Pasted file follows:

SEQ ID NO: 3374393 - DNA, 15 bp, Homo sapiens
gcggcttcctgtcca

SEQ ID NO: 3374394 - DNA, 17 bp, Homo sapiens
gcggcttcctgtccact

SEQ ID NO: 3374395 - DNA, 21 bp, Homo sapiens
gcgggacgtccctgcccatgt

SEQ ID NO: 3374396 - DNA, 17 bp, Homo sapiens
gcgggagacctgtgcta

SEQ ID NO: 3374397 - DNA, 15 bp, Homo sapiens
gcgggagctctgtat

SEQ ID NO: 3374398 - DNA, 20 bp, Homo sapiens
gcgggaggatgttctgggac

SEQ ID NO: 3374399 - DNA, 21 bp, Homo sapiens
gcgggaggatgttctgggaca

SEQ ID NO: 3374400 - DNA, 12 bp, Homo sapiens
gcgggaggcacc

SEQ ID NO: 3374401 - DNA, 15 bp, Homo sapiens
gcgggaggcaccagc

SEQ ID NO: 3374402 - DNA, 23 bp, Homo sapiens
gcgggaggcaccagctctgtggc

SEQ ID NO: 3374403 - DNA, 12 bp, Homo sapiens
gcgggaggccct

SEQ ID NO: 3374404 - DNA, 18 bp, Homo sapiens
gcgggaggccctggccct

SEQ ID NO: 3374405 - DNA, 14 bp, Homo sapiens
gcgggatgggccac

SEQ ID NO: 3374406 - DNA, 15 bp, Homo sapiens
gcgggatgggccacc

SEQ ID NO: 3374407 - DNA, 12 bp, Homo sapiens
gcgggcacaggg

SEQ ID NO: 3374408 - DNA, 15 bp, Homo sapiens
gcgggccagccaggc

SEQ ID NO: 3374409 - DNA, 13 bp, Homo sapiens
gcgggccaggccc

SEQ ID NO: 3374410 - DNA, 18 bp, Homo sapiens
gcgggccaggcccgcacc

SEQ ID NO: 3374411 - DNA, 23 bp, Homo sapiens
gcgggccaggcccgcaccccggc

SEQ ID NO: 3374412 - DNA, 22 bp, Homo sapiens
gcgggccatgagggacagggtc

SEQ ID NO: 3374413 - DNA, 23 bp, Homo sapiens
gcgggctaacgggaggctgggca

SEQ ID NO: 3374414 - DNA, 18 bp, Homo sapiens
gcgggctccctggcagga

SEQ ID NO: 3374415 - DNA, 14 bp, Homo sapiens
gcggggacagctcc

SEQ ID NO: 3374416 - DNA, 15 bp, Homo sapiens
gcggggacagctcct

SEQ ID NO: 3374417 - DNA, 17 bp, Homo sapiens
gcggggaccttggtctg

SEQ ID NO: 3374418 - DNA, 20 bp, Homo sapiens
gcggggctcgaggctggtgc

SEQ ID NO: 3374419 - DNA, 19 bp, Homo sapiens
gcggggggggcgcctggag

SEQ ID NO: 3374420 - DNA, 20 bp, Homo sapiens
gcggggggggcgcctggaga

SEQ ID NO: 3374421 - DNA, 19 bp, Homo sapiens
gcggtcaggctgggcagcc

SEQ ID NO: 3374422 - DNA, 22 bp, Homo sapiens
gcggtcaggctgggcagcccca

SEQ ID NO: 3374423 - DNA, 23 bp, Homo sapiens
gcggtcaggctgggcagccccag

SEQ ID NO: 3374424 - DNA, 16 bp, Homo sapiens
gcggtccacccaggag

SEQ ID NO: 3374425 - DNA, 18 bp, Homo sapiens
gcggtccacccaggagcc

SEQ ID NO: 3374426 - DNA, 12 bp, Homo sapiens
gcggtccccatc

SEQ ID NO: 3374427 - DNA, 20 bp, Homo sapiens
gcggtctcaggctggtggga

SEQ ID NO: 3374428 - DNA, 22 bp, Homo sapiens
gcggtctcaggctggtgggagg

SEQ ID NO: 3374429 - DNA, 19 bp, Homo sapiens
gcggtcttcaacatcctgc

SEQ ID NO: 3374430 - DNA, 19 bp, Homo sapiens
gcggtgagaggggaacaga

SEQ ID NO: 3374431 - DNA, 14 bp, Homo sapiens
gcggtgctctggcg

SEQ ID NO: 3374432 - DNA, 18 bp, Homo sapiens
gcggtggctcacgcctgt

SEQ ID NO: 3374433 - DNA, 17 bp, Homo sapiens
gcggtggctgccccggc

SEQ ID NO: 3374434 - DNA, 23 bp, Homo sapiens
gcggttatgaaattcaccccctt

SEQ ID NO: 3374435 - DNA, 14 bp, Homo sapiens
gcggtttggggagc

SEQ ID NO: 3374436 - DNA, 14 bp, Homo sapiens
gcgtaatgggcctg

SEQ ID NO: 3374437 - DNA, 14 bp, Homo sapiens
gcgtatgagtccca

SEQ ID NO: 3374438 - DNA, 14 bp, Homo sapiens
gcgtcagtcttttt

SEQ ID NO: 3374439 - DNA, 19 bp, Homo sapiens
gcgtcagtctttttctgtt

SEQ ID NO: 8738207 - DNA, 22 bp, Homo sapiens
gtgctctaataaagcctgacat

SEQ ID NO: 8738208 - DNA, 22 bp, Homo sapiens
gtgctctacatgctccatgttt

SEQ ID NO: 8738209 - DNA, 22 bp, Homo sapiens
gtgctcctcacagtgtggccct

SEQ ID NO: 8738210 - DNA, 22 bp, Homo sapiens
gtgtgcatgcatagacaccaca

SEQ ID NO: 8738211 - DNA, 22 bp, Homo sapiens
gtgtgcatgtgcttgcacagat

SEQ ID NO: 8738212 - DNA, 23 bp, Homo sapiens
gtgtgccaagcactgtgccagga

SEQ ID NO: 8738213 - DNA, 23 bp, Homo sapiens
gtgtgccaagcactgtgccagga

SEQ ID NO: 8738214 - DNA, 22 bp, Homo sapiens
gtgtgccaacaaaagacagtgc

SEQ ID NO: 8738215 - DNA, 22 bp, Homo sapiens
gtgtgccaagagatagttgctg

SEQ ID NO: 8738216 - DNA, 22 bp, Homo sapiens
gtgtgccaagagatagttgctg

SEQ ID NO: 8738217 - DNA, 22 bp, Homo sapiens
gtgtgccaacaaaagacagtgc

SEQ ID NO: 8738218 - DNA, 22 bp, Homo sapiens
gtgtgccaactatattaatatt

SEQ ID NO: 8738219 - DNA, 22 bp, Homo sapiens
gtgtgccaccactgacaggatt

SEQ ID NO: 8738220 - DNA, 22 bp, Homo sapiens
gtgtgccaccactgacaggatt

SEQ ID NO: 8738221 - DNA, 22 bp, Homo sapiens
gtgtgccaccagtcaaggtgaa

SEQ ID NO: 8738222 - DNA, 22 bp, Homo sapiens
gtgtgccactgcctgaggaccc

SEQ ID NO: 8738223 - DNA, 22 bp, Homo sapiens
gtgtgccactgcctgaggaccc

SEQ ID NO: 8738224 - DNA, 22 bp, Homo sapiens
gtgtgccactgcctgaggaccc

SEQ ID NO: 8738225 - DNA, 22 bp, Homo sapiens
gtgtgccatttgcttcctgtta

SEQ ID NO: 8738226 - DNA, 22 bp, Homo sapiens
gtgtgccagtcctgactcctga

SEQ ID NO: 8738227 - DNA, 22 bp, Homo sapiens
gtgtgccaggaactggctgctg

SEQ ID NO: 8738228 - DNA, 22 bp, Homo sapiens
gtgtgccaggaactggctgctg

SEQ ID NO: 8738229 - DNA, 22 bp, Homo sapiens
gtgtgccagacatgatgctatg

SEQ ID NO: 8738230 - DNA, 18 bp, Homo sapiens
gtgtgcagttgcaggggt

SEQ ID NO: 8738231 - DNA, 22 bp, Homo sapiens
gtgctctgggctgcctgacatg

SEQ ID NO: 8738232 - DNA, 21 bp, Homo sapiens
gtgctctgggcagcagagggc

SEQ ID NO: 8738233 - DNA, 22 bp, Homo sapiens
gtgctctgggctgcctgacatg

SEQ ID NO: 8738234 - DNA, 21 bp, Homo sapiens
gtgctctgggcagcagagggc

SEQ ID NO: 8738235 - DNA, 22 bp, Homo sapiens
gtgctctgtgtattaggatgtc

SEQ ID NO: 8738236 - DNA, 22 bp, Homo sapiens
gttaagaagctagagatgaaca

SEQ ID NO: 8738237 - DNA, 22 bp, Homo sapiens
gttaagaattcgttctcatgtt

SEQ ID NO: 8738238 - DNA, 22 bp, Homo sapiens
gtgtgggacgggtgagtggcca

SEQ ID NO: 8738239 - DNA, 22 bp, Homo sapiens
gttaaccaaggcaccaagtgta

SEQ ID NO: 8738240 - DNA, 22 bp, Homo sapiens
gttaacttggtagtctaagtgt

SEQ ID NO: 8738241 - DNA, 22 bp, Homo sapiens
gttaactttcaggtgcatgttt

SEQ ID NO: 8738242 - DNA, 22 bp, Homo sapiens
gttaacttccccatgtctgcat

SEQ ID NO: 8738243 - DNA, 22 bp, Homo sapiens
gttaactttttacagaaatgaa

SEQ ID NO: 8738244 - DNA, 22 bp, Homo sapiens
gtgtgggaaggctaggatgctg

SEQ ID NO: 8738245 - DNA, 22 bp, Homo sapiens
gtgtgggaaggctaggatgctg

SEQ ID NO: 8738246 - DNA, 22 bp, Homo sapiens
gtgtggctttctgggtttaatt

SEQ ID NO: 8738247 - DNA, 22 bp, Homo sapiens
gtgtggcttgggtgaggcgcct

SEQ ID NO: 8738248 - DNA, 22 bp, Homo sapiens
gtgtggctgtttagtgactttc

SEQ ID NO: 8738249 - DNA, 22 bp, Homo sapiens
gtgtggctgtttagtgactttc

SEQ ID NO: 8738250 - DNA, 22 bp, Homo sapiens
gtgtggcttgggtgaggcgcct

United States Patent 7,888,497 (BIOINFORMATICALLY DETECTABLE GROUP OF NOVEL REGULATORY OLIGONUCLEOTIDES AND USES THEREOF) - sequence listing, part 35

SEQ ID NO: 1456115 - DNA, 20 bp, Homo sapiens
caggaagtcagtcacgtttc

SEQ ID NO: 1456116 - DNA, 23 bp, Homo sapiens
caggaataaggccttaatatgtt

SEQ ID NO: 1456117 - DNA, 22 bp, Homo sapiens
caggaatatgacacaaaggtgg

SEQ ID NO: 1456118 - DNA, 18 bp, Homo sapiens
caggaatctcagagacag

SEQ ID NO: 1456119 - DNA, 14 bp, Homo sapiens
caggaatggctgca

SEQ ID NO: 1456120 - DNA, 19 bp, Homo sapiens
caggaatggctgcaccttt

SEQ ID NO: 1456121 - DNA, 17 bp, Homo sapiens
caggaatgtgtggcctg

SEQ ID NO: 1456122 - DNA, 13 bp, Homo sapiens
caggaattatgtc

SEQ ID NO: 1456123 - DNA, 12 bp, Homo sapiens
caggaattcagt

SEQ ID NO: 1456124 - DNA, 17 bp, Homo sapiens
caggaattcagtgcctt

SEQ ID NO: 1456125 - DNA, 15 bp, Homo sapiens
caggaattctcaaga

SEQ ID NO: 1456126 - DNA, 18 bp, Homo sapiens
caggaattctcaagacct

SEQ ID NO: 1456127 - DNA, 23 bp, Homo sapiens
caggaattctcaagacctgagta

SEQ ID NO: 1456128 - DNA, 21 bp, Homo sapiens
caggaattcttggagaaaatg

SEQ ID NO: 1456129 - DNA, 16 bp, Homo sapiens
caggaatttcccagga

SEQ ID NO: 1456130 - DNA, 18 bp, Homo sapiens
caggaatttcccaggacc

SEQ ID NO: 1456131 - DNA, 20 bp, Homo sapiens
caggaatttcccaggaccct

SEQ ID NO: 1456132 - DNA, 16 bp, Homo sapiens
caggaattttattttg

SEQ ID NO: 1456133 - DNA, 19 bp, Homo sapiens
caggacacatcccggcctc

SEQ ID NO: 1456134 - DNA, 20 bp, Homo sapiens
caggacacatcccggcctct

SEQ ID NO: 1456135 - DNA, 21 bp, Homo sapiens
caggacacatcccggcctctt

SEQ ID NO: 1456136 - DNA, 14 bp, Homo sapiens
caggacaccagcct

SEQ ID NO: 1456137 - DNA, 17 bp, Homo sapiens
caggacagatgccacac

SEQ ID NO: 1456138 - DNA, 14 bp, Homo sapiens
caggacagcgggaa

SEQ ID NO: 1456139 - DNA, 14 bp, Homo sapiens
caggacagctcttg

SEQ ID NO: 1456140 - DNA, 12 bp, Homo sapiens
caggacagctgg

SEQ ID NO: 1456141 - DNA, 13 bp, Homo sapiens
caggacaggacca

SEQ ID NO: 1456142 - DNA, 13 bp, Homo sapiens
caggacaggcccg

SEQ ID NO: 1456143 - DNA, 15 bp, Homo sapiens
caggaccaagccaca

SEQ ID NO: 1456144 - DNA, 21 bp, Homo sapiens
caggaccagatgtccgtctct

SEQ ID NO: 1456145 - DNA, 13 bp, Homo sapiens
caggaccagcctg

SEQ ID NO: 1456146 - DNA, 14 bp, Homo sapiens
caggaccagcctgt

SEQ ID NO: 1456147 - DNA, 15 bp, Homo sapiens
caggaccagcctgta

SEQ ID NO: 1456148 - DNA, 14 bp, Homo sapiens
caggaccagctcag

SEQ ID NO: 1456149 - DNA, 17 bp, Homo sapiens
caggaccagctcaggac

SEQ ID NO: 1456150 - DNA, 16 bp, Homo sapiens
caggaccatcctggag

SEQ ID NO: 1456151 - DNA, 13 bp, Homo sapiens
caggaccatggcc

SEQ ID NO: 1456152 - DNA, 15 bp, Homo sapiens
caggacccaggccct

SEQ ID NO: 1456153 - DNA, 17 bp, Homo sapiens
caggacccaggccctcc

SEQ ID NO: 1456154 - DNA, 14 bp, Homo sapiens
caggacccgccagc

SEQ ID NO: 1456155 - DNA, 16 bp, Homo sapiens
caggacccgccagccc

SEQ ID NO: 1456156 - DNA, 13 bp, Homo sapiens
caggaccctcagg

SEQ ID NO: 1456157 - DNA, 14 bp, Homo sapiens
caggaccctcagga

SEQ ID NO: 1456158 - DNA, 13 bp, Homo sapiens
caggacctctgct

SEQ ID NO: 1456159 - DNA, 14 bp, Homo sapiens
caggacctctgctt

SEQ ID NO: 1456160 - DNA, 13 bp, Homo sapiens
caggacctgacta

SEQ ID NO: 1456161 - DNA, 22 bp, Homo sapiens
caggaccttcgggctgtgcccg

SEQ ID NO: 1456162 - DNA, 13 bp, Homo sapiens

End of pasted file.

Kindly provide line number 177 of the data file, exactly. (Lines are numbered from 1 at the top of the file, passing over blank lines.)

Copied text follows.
SEQ ID NO: 8738248 - DNA, 22 bp, Homo sapiens